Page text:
Police Swing into Action
Kollias started to run but was shot in the leg. He didn’t know that Hughes was Rivera’s girlfriend. Then began the 40-hour torture and beating that seemed to last forever. While Niko Kollias and his friend were being assaulted, a search was on for the two boys in the university. Another student remembered Samantha Hughes, whose Facebook friend request he had ignored, and informed the police. They questioned her, and after no details were found, let her leave. When further evidence showing Hughes and Gigliotti pulling up to an ATM with Strickland, who withdrew thousands of dollars from Kollias’ account, surfaced, both girls were brought back in for questioning. After much wrangling, Hughes told police the details of the kidnapping and the house where the two students were held. A SWAT team was mobilized, and a rescue operation was launched. Kollias had no idea how much time had passed in the house when he and his friend were being tortured.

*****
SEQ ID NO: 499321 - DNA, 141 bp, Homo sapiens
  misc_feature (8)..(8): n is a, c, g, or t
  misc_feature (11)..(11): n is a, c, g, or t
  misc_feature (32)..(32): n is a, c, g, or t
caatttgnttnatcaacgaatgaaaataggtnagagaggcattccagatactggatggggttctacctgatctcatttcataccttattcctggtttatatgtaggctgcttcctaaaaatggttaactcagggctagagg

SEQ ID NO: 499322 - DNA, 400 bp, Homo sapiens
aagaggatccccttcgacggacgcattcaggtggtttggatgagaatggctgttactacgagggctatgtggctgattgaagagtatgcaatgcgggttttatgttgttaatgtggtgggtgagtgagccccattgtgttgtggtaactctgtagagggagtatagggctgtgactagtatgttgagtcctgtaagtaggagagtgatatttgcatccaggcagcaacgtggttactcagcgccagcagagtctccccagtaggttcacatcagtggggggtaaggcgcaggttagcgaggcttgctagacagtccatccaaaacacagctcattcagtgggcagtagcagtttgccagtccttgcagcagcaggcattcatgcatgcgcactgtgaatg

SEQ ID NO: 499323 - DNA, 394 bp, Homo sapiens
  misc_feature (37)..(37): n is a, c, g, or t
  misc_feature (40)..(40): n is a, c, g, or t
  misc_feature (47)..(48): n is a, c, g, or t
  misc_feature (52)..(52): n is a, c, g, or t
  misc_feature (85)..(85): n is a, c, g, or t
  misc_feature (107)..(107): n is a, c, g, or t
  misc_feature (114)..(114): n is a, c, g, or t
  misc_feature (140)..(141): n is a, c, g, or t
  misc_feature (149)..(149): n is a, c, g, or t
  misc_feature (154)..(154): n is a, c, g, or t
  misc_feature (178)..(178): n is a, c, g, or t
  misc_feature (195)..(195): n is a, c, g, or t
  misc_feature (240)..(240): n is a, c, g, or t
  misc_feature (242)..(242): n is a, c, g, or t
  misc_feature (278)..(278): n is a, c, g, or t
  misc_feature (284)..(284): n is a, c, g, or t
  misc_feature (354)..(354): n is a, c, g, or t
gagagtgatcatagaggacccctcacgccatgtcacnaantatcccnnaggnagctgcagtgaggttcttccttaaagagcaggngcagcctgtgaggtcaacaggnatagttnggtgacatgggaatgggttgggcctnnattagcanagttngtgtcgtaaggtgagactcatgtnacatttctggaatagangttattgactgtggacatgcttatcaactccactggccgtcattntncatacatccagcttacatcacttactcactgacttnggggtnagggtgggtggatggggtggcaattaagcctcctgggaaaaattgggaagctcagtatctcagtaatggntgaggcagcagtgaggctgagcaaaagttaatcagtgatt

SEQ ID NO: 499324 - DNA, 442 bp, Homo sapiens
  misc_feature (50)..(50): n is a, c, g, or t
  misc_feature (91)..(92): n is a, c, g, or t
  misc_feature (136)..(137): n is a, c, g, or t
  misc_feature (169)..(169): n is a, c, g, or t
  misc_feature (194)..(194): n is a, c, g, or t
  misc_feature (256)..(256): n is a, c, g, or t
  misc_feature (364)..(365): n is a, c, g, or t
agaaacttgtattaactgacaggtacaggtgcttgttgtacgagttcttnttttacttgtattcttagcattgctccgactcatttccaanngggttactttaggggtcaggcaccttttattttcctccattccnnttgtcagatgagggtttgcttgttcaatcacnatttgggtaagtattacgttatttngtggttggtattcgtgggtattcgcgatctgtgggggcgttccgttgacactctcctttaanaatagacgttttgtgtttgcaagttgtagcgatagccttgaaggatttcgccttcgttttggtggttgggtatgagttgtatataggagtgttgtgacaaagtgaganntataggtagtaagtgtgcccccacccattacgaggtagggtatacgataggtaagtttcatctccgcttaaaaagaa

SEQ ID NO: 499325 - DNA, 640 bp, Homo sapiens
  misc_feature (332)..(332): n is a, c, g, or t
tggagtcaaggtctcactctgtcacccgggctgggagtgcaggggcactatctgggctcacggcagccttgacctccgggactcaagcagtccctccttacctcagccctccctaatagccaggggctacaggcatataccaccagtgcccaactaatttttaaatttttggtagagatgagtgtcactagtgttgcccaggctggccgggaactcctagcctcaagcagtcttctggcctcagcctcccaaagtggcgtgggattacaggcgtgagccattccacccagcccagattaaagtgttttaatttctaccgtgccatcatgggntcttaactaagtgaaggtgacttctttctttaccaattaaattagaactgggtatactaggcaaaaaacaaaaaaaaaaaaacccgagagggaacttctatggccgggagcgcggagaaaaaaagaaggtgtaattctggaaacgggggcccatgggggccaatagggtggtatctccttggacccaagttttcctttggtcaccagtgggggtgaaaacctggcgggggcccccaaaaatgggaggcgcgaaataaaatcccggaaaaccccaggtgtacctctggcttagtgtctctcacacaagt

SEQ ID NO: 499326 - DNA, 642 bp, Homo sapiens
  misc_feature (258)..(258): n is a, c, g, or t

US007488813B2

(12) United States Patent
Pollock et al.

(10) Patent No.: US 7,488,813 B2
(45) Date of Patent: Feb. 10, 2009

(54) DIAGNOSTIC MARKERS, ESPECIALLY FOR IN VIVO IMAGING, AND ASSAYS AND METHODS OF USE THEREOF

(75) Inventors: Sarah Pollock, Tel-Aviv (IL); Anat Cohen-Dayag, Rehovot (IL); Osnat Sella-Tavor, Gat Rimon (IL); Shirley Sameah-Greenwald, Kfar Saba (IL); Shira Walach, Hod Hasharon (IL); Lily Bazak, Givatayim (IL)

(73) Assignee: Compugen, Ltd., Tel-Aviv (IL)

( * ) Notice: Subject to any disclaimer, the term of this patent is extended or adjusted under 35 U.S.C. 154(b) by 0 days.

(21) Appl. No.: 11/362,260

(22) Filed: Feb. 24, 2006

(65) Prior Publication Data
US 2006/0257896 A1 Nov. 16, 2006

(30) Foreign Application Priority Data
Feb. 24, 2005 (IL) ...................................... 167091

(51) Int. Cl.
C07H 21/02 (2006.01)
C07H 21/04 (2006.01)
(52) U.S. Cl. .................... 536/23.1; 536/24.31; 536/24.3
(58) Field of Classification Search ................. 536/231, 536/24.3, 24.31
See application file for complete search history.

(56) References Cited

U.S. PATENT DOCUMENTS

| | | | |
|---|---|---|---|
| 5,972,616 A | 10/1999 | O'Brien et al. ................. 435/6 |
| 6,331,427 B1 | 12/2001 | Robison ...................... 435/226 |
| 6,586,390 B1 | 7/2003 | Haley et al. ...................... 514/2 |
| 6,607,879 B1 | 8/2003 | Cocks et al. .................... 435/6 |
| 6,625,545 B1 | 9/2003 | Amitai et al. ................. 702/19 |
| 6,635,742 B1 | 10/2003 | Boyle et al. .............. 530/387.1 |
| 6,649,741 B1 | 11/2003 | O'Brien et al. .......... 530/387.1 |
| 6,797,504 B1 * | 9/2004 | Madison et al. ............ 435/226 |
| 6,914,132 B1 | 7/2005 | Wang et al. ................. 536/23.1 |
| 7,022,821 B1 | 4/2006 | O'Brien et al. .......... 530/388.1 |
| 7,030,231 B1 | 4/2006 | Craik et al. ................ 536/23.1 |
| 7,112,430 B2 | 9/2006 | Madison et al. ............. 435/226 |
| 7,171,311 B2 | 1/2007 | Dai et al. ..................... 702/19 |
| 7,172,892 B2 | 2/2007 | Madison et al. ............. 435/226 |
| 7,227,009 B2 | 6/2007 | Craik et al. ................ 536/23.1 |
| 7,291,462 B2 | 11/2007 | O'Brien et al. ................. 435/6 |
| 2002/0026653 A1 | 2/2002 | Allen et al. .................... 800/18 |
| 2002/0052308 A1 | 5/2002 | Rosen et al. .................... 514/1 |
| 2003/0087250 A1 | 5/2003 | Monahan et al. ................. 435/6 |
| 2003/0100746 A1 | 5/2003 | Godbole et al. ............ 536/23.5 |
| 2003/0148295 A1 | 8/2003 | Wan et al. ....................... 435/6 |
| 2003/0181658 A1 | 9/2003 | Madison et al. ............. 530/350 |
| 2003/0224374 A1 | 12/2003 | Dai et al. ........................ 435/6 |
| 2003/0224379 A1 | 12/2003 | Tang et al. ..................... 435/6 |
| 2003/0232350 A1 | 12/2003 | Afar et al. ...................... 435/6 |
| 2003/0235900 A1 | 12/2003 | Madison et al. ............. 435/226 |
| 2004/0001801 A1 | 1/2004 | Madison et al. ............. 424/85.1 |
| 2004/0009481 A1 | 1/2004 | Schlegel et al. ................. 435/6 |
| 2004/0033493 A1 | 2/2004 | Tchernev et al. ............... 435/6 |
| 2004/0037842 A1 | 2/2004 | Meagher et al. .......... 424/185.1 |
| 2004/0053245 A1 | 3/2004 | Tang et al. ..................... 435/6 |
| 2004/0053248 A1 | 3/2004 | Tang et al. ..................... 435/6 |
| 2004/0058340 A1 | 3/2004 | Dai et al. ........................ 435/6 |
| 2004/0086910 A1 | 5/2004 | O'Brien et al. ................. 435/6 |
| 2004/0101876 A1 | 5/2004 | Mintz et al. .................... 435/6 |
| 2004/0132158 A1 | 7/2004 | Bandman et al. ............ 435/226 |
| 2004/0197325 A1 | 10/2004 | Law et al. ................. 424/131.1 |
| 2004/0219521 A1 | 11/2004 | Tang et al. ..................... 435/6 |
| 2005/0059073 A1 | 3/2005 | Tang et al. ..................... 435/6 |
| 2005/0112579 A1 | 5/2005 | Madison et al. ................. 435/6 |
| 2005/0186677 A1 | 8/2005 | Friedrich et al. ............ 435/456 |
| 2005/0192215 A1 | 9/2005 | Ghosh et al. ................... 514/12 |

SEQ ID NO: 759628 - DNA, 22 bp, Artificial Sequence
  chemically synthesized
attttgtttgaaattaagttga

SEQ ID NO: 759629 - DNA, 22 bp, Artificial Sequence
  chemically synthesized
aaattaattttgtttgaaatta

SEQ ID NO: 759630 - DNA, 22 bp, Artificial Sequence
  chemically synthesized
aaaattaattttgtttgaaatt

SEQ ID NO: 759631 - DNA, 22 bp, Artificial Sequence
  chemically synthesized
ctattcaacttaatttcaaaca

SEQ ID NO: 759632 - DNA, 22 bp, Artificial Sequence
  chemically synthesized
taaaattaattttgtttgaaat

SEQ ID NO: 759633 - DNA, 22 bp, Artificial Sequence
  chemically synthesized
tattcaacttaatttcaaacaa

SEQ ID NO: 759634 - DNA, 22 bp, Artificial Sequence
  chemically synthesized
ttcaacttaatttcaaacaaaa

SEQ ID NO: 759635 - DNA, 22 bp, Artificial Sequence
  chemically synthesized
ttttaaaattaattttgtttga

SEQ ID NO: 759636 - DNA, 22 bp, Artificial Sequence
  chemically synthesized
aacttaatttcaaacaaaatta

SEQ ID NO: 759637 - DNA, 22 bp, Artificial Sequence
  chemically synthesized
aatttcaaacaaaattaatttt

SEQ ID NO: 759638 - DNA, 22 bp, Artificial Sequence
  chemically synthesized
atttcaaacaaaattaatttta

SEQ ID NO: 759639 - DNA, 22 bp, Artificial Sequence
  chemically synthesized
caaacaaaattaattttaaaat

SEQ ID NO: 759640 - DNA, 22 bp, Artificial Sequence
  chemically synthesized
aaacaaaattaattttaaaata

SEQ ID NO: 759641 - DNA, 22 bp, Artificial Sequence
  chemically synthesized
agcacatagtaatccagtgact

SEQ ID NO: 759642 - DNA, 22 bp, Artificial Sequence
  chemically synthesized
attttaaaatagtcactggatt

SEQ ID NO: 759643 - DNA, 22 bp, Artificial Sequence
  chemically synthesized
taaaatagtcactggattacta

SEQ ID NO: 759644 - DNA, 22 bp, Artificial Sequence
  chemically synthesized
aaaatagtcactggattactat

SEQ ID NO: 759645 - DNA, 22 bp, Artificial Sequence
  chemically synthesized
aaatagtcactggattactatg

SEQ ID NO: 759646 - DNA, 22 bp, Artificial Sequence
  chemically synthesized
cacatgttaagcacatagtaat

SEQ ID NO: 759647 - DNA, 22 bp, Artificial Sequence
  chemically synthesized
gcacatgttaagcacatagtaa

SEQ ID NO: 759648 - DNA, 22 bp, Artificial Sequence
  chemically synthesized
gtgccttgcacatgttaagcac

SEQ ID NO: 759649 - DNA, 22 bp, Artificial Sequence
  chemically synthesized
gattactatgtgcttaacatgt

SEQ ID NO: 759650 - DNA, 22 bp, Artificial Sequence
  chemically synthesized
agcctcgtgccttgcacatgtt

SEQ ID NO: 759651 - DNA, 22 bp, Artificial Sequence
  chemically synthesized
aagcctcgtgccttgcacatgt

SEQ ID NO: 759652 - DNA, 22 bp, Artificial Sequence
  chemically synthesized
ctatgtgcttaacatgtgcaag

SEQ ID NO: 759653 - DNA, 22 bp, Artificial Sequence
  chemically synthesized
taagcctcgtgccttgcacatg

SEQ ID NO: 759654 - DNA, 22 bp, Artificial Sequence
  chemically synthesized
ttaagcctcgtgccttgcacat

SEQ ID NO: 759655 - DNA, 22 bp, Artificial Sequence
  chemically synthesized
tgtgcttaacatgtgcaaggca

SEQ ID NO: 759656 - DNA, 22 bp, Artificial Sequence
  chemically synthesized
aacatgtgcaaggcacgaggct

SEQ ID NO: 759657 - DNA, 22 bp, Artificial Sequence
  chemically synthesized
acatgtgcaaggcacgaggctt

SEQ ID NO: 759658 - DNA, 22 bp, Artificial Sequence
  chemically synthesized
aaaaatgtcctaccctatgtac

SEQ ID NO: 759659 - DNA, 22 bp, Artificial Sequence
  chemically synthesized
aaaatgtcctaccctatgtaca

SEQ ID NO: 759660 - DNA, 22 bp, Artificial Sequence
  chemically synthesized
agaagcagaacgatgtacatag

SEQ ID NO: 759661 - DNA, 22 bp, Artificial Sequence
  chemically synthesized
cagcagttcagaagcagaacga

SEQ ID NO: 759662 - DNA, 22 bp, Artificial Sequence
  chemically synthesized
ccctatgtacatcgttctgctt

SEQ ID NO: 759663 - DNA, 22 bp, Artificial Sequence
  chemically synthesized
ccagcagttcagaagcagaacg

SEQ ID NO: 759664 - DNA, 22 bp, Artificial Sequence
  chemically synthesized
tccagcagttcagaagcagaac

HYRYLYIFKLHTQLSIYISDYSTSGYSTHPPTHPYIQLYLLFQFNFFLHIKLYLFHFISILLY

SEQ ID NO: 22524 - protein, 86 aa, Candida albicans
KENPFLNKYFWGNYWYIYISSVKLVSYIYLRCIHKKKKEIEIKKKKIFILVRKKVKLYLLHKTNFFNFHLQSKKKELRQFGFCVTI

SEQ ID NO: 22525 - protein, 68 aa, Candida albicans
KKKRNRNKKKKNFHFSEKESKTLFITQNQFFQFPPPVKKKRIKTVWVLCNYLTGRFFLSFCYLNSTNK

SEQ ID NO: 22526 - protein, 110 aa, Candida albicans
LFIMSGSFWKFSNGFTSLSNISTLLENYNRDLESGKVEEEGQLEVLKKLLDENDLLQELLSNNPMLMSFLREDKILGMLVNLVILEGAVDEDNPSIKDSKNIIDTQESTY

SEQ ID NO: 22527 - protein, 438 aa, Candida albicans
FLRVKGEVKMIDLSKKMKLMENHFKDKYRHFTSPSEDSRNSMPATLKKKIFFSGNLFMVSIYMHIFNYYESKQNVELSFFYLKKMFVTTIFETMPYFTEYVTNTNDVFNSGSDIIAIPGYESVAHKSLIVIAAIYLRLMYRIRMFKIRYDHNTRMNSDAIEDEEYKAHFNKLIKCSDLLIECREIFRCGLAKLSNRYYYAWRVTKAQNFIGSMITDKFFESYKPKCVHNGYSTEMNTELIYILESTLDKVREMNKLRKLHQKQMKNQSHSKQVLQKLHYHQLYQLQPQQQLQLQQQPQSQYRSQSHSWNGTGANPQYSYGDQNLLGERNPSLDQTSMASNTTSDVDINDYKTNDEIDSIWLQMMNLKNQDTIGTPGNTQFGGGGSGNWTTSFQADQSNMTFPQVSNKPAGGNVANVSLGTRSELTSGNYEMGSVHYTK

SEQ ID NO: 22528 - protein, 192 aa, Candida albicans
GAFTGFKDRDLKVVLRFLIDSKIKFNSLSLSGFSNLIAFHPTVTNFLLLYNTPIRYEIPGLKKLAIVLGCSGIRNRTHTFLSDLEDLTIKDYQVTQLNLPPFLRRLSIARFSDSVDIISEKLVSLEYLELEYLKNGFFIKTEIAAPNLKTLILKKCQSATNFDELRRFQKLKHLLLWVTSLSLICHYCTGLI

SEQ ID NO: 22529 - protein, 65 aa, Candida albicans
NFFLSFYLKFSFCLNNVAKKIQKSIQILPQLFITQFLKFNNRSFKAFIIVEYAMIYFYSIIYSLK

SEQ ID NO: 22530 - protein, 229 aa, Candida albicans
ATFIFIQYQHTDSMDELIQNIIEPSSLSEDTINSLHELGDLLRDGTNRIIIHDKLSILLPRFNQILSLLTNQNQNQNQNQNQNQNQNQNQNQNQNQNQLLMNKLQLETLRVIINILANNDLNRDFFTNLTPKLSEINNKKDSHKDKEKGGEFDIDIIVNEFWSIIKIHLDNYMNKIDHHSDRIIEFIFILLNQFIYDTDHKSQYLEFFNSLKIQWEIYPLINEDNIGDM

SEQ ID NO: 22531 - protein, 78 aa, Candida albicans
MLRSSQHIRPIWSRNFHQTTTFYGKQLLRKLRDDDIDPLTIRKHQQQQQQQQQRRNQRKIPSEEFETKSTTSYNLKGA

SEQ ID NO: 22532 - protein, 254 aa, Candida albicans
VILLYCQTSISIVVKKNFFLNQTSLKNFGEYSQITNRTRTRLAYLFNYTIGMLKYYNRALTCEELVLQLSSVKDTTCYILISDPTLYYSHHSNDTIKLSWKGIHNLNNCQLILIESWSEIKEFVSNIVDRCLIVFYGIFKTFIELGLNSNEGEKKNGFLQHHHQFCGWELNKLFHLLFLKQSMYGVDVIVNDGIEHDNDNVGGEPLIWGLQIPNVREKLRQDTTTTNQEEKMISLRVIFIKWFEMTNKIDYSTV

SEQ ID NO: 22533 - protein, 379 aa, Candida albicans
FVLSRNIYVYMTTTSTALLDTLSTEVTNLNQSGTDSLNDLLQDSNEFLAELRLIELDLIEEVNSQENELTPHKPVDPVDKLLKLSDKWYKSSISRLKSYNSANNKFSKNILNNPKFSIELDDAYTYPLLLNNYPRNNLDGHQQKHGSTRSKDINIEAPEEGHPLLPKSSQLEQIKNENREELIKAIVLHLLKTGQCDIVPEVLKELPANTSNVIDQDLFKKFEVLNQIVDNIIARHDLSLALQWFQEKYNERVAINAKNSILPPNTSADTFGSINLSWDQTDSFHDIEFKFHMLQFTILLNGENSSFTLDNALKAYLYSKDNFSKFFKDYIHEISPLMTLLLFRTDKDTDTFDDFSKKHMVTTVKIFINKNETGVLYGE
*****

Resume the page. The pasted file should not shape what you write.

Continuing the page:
Crime & Punishment
However, the SWAT team and police arrived in the nick of time, rescuing the two students. Kollias believes that both of them would have been killed had the police not found them. Within a few days, all the men involved in the attack were arrested, including Elliot Rivera and Lydell Strickland, who was allegedly the mastermind behind the torture. The attackers received varying prison sentences with Strickland getting 155 years. Kollias believe that none of this would have happened if the university had taken action much earlier when they knew that Smith was dealing drugs. University representatives have not commented on this.
Beaten But Not Broken
Nearly two years after the kidnapping and torture, Kollias still has trouble going to sleep, “Night time and being alone are definitely harder things for me.” He struggles to run and has difficulty walking as he walks with a limp. But he still plays the piano. That gives him some peace of mind. He relaxes when he plays the piano and can get way from those horrible memories, “I made the conscious decision to live, survive and overcome the challenge I was faced with. And that’s exactly what I did.”
Watch the video below to hear Niko Kollias recount his ordeal.